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About Roto_Wizard

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  1. Might be silly analysis, but I can't see Schefter endorsing him on national TV if he had any idea about him possibly sitting due to the hamstring injuries.
  2. My quick predictions as to possible trading partners with Cleveland. 1. New England - makes sense given the franchise's ability to work with veteran receivers that have off-field issues or character concerns. Would arguably be the most talented receiving threat outside of Gronkowski. 2. Indianapolis - outside of TY Hilton the team has very little depth at WR, fan base is clamoring for a quick turnaround given the struggles of the past few seasons 3. Dallas - I'll put them on here, but beat reporter Mike Fisher (who is about as plugged in as any) has already stated on Twitter that they appear to not be interested. That said, they need help at the position, badly. 4. San Francisco - Prior ties also make this an easy choice. Don't think that its likely though given how high the team is on Dante Pettis and Trent Taylor. 5. New York Giants - Weird to include them, right? That said, Pat Schurmur was the head coach in Cleveland when the team took a chance on Gordon. Their 3rd WR slot is barren, and he would represent an immediate upgrade over Cody Latimer. 6. Buffalo - Again, another team in rebuilding mode that could use some instant help on offense. Benjamin and Jones are middling options at best.
  3. Josh Gordon. ::Exits room slowly as he watches the dynamite go off:: (Kidding, seriously doubt he touches the field at all this year)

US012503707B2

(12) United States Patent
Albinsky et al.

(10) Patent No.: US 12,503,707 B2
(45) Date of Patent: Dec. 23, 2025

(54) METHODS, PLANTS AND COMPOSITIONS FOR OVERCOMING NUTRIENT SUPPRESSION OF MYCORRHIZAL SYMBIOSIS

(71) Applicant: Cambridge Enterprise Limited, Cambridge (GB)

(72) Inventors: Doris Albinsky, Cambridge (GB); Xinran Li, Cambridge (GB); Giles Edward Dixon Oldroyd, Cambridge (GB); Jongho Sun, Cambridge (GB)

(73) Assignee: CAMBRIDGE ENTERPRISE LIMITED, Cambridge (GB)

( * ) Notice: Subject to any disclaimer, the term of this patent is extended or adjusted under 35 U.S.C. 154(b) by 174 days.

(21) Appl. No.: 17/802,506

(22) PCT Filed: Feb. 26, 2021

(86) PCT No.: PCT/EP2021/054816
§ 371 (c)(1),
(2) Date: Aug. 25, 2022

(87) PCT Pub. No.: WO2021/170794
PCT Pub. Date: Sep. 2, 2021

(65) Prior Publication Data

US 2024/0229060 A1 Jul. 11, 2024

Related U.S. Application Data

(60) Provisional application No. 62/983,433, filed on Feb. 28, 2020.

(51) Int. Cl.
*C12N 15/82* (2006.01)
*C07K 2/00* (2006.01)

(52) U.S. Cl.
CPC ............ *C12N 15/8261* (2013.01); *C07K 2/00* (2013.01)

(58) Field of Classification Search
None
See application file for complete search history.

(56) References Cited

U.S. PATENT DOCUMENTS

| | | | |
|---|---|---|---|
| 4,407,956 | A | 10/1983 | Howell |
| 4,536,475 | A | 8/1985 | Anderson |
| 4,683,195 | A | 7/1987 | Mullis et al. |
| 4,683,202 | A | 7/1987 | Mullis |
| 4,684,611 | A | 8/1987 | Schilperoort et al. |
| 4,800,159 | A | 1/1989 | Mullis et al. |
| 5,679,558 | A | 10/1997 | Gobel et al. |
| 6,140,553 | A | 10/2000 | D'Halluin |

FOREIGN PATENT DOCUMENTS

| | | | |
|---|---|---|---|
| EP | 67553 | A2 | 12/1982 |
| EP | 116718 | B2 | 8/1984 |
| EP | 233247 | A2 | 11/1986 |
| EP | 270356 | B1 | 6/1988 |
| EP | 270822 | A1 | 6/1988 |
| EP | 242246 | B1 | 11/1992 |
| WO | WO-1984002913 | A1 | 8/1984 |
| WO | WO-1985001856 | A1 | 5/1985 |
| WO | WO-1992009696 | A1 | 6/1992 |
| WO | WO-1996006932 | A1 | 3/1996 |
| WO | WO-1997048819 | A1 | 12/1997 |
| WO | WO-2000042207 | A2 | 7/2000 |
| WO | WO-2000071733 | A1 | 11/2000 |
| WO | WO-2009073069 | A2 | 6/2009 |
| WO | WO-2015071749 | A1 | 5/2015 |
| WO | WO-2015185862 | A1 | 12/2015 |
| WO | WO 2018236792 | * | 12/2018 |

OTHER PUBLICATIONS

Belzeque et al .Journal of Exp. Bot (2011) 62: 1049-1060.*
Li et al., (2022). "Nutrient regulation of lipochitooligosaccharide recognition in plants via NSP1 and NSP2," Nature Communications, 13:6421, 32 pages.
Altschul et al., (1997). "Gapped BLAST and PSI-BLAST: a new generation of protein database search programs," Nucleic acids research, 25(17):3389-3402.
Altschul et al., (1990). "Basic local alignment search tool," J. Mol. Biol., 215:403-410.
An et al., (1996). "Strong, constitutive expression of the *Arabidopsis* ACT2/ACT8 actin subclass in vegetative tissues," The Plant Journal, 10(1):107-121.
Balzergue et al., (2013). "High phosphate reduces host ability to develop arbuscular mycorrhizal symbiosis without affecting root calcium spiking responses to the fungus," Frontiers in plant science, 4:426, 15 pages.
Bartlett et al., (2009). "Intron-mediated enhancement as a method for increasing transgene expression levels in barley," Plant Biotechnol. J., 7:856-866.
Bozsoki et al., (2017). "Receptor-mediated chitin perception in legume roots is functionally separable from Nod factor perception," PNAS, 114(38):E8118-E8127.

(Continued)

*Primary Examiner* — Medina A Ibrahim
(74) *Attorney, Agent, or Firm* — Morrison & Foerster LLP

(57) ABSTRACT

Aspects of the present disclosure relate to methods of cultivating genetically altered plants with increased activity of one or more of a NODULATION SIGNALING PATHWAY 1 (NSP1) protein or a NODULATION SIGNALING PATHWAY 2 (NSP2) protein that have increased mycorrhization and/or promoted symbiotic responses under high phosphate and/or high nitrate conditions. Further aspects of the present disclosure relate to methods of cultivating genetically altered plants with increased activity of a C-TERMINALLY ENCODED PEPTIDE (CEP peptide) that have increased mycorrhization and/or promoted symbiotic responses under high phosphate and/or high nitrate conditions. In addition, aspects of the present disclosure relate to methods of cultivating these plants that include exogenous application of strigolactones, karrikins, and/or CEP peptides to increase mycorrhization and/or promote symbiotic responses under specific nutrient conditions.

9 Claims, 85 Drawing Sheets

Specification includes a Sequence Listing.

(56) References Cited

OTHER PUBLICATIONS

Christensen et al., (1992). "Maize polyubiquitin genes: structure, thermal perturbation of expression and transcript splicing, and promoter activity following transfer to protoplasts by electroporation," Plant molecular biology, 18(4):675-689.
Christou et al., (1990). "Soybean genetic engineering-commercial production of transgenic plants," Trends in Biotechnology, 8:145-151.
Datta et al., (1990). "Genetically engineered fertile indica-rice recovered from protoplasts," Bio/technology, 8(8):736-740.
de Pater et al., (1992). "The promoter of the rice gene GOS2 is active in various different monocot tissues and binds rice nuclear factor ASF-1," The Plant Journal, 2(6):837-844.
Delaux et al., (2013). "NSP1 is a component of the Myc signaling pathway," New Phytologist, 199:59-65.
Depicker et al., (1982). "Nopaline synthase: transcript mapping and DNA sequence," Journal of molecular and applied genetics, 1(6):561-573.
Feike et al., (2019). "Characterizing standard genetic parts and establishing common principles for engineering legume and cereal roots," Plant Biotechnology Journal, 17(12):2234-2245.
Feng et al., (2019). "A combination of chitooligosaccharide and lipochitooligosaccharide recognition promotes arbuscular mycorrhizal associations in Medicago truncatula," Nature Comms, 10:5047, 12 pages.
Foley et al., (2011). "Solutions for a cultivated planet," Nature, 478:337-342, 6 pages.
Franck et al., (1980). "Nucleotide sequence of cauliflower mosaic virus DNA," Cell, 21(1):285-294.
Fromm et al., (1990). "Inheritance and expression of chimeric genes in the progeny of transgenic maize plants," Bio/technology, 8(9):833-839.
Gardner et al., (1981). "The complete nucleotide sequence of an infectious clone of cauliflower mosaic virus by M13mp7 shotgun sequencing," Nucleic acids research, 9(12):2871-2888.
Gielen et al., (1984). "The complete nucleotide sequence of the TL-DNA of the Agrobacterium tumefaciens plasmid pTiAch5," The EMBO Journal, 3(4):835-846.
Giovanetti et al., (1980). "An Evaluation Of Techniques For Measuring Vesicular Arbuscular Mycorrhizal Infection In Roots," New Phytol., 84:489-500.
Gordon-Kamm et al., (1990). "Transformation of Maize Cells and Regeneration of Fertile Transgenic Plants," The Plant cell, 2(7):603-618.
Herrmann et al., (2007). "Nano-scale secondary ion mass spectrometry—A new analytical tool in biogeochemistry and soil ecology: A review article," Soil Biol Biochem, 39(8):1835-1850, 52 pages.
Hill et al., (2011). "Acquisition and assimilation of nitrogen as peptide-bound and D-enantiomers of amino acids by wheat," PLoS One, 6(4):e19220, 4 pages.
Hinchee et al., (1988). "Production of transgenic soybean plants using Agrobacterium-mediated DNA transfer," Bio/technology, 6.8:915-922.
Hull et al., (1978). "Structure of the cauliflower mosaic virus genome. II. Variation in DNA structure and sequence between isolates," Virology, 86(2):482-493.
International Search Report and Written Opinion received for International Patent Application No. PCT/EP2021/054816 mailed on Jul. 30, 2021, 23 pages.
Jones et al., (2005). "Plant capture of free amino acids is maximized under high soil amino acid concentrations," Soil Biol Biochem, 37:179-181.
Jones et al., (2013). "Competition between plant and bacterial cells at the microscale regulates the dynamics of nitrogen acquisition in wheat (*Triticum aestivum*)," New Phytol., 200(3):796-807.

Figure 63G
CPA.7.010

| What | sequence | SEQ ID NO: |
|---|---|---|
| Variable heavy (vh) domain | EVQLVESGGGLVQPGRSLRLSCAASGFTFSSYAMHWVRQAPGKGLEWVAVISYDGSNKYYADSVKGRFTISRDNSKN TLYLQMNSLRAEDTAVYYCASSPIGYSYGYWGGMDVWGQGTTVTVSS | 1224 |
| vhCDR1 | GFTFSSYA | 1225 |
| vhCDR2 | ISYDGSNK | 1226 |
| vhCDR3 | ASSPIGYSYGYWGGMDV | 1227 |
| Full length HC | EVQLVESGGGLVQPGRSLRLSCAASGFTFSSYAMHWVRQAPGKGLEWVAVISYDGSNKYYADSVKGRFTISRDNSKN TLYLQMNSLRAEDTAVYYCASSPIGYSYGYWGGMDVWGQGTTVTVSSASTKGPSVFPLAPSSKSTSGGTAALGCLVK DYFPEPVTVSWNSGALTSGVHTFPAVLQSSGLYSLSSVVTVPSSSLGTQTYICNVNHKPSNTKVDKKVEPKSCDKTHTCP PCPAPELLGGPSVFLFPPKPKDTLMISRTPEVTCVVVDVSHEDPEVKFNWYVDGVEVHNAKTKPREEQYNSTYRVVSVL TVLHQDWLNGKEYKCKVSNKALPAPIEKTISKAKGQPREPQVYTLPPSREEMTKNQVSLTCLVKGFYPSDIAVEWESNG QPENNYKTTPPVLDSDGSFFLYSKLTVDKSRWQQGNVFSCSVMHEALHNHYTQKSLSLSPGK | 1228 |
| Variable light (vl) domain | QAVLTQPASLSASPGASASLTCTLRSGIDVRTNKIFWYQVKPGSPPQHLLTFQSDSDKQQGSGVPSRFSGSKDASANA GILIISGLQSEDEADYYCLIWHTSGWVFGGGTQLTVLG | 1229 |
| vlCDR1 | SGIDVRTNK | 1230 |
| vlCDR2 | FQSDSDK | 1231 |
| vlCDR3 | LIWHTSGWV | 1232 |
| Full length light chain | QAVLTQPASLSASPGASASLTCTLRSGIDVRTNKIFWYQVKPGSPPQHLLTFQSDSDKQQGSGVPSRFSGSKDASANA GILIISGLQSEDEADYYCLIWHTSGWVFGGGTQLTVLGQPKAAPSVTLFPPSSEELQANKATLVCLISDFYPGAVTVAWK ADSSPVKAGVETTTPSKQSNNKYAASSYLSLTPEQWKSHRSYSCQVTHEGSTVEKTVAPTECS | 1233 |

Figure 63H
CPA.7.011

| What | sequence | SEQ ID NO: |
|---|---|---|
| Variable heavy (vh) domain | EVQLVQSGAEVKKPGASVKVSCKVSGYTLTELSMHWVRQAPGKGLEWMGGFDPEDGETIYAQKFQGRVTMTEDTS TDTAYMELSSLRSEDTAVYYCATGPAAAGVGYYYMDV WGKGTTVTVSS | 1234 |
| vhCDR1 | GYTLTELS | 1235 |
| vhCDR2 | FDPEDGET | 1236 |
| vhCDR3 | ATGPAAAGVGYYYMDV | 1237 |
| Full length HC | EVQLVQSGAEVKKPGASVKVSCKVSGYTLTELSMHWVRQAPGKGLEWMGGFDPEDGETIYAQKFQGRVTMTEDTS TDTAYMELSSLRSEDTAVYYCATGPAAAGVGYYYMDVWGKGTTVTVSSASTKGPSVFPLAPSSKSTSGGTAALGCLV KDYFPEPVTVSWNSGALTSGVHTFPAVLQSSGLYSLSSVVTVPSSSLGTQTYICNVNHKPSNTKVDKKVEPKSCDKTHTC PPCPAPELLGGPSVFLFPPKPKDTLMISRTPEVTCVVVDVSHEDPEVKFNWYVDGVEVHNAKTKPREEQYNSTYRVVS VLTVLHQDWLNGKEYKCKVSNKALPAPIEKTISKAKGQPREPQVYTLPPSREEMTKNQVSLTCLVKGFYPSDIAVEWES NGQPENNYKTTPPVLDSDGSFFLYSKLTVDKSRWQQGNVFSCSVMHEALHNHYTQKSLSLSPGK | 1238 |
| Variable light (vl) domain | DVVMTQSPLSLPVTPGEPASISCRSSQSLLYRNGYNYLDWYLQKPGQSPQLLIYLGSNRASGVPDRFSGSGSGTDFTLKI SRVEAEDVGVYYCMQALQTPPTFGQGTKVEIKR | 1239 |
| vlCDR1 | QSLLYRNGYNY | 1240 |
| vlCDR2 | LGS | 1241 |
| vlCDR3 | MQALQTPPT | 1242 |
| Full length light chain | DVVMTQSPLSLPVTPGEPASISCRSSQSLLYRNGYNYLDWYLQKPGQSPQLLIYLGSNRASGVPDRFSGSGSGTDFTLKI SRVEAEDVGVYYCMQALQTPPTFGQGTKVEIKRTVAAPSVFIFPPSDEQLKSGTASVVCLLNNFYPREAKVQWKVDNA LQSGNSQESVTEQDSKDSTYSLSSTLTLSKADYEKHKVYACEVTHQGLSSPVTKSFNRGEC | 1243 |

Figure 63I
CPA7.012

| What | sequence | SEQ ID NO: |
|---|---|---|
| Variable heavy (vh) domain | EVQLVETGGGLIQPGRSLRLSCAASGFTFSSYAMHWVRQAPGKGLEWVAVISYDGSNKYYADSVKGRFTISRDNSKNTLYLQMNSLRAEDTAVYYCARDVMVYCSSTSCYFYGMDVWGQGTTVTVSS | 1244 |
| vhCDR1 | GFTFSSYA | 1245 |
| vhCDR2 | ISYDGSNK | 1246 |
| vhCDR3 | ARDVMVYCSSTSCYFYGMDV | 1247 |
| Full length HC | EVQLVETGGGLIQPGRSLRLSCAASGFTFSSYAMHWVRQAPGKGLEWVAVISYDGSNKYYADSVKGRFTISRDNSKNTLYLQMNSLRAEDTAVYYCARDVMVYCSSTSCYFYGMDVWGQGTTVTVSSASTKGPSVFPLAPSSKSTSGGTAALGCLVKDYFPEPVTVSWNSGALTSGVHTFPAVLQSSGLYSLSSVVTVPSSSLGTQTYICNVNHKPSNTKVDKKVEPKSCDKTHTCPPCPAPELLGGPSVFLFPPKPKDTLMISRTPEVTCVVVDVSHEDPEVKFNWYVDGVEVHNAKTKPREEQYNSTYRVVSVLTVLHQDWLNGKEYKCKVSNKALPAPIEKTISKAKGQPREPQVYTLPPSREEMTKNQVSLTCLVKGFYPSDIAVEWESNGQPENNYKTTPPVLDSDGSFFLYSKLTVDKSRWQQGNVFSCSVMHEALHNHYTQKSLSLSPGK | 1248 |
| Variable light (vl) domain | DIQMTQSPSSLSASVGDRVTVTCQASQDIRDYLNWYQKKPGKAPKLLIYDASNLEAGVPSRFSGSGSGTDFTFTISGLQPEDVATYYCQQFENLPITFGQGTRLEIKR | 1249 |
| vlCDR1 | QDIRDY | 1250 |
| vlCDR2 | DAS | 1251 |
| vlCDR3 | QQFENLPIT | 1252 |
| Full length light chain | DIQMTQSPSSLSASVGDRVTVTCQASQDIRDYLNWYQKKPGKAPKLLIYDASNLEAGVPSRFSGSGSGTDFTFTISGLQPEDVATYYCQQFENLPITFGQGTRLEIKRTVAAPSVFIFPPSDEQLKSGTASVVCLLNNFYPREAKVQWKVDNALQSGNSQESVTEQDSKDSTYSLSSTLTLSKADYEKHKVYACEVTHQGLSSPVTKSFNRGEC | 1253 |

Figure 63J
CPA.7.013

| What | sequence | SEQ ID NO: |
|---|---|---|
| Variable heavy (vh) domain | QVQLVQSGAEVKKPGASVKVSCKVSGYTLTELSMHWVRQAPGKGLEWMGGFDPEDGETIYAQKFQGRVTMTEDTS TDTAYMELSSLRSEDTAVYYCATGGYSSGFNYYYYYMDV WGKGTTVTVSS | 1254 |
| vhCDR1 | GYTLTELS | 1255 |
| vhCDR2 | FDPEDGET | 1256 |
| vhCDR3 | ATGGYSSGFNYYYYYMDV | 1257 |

4. Hey All, My thoughts on the RB waiver wire situation this week: Minnesota – The most compelling pickup of the week for me without question is Latavius Murray of the Vikings. Of the running backs who will find themselves thrust into additional snaps, Murray plays behind the best offensive line of the group, and the team’s philosophy has traditionally been ground and pound. Murray was signed to a three-year, $15 million contract in early March, making him one of the highest paid free agents of the offseason. The staff was clearly high on him prior to drafting Cook, so it would stand to reason that they would be comfortable with giving him early down work. Over his three-year career, Murray has averaged nearly 4.5 YPC, and is an adequate receiver. He has been criticized for being a largely upright-runner incapable of breaking tackles, but has a nose around the goal line and also possesses breakaway speed in the open field. Murray is likely to come off on third downs and passing situations in favor of Jerick McKinnon, but should be on the right side of at least a 65/35 split in total touches. Waiver bidding: Murray should be owned in all leagues and is worthy of a No.1 claim or 25-30% FAAB bid. New York – As a New York Giants fan, I wasn’t rooting for Paul Perkins to get hurt per se (even I’m not that spiteful), but I felt that his injury was actually a blessing in disguise for this team. Perkins had a handful of attempts last year that raised eyebrows, and management felt that he would be able to handle the full workload of being a true three-down back for the team upon entering the season. Sadly, the Giants woeful offensive line hasn’t been able to generate much in the way of lanes for Perkins to work with, and even when they are open, he fails to take advantage of them. It may seem like an odd statement, but I really wish that the team would have called more sweep plays, as Perkins lateral quickness could have really helped him in space to run around defenders. He crumples with first contact, and just was never able to get it going this season. Enter in Gallman. Against a fairly stout defensive front in Tampa Bay, he totaled 42 yards on the ground, and caught both of his targets for eight receiving yards and a touchdown. Gallman’s running style more fits what the coaching staff calls, as his bigger frame propels him forward to constantly pick up positive yardage, rather than being tackled in the backfield. He doesn’t have one particularly trait which stands out specifically, but his overall skillset is above-average at everything. Waiver bidding: Gallman should be owned in 10-team leagues or greater, and is worthy of a 10-15% FAAB bid. Seattle – It is a real shame that Carson went down with a major injury that will sideline him for the remainder of the season, because his presence at least brought some stability to Seattle. In his absence, owners will have to play the guessing game between the three-headed monster of Eddie Lacy, Thomas Rawls and C.J. Prosise. Of all three backs, I would assume that Thomas Rawls would have the first chance to inherit early down carries, with Lacy coming in to spell him (perhaps around the goal line), and Prosise being on the field when the team plays from behind or on passing downs. From a health perspective, none of the remaining three options for the team have shown the ability to play through injuries or stay on the field for extended snaps, which creates a very confusing situation. To complicate matters even further, Seattle’s offensive line is atrocious, so this is very likely to be a “hot hand” approach. Waiver bidding: Both Rawls and Lacy should be owned in 12-team leagues or greater, and are worthy of a 10% FAAB bid. In PPR formats Prosise would be the favored option due to his receiving skills, and is worthy of a 10-15% bid. Green Bay – Thankfully, initial reports on Ty Montgomery sound optimistic on his long-term outlook, meaning that it would be a surprise if he missed more than a week of action, if that. He was already back at practice on Wednesday, and said that his ability to start would be completely dependent upon pain tolerance. If he starts I would seriously limit my expectations on his output, as one hit in the wrong area could force him out of action. Whether that happens on the first snap or the last is anyone’s guess, coupled with how he feels after the conclusion of the game and the adrenaline wears off. It would be smart for the team to give him a week of rest if possible. If Montgomery does miss time, it is also possible that Jamaal Williams plays, as he was also back on the practice field, and told reporters that he was “feeling good” about his chances to start. The odd note that both backs have working in their favor is that they sustained their injuries on Thursday, rather than Sunday. The added rest means that one or the other (or possibly both) will be active in this contest. In the unlikely event that they sit or experience setbacks, Aaron Jones would be the player to target. Waiver bidding: It wouldn’t be surprising to see the Packers opt for Montgomery to sit out the game on Sunday if he isn’t healthy enough, or is at any risk of making his injuries worse. Jamaal Williams is a Hail-Mary add in deeper formats, but is a one-week flier and handcuff at best. A 5% bid should land him, or Jones, should both players sit out. Baltimore – Similar to Seattle, this is a situation that is really lacking clarity. Going into the season, it was presumed that Danny Woodhead and Terrance West would split reps about 50/50, with Woodhead being a mid-tier RB2 in PPR formats. His Week 1 injury forced Buck Allen to take over the passing-down role, where he has shined, catching at least five passes in every game since. West has struggled behind a poor offensive line, which has led to Alex Collins being more involved the past two weeks. His reps have mainly occurred in the fourth quarter against teams who aren’t going out of their way to stop the run, so his YPC has been largely inflated. That said, he has posted identical lines in each of the past two contests, running for 82 yards on nine attempts. The major, well-publicized drawback to Collins is his propensity to put the ball on the ground – fumbles have plagued him going back to his college days at Arkansas. Ravens coach John Harbaugh has no tolerance for players that turn the ball over, so Collins has an exceptionally short leash. Of the players mentioned above, he would be my least targeted one, both due to his risk for getting benched, coupled with the presence of West/Allen and the eventual return of Woodhead. Waiver bidding: Collins is worth an addition in deeper formats (14-teams or larger) as a speculative addition, but owners should be aware of the innate risk that comes with adding him. A 5-10% bid is plenty to acquire him. Dallas – As a quick aside prior to the conclusion of the article, I did want to make owners aware that news has begun to swirl about a possible resolution in the Ezekiel Elliott case. Per Pro Football Talk, the NFL “is seeking a stay on the injunction which is allowing Elliott to continue playing while his suit against the league is litigated. The Fifth U.S. Court of Appeals in New Orleans heard oral arguments on Monday, and it sounds like they could issue a ruling this week. If the court reverses the injunction, Elliott’s suspension would begin immediately”. Long story short, it sounds like Alfred Morris or Darren McFadden could come into some playing time in the near future, should the court rule to overturn things. Regardless if you are an Elliott owner or not, I would strongly recommend taking a look at the waiver wire to see if either player is available. It is currently unclear which would be Elliott’s backup, and even beat writers appear split on how things would shake out. Some say that because Morris has been active, he would be the backup. Others think that DMC would be the choice, given that his skillset more closely mirrors Elliott, and the team has been resting him intentionally in case something like this happened. Waiver bidding: Should Morris or DMC be available, they need to be added as insurance in the event that Elliott is suspended. A 5% bid on either this week should land them – owners would be well advised to add them now rather than later. My pecking order at RB this week: 1. Latavius Murray 2. Wayne Gallman 3. Thomas Rawls 4. C.J. Prosise 5. Alfred Morris/Darren McFadden 6. Alex Collins 7. Jerick McKinnon 8. Eddie Lacy 9. Jamaal Williams 10. Aaron Jones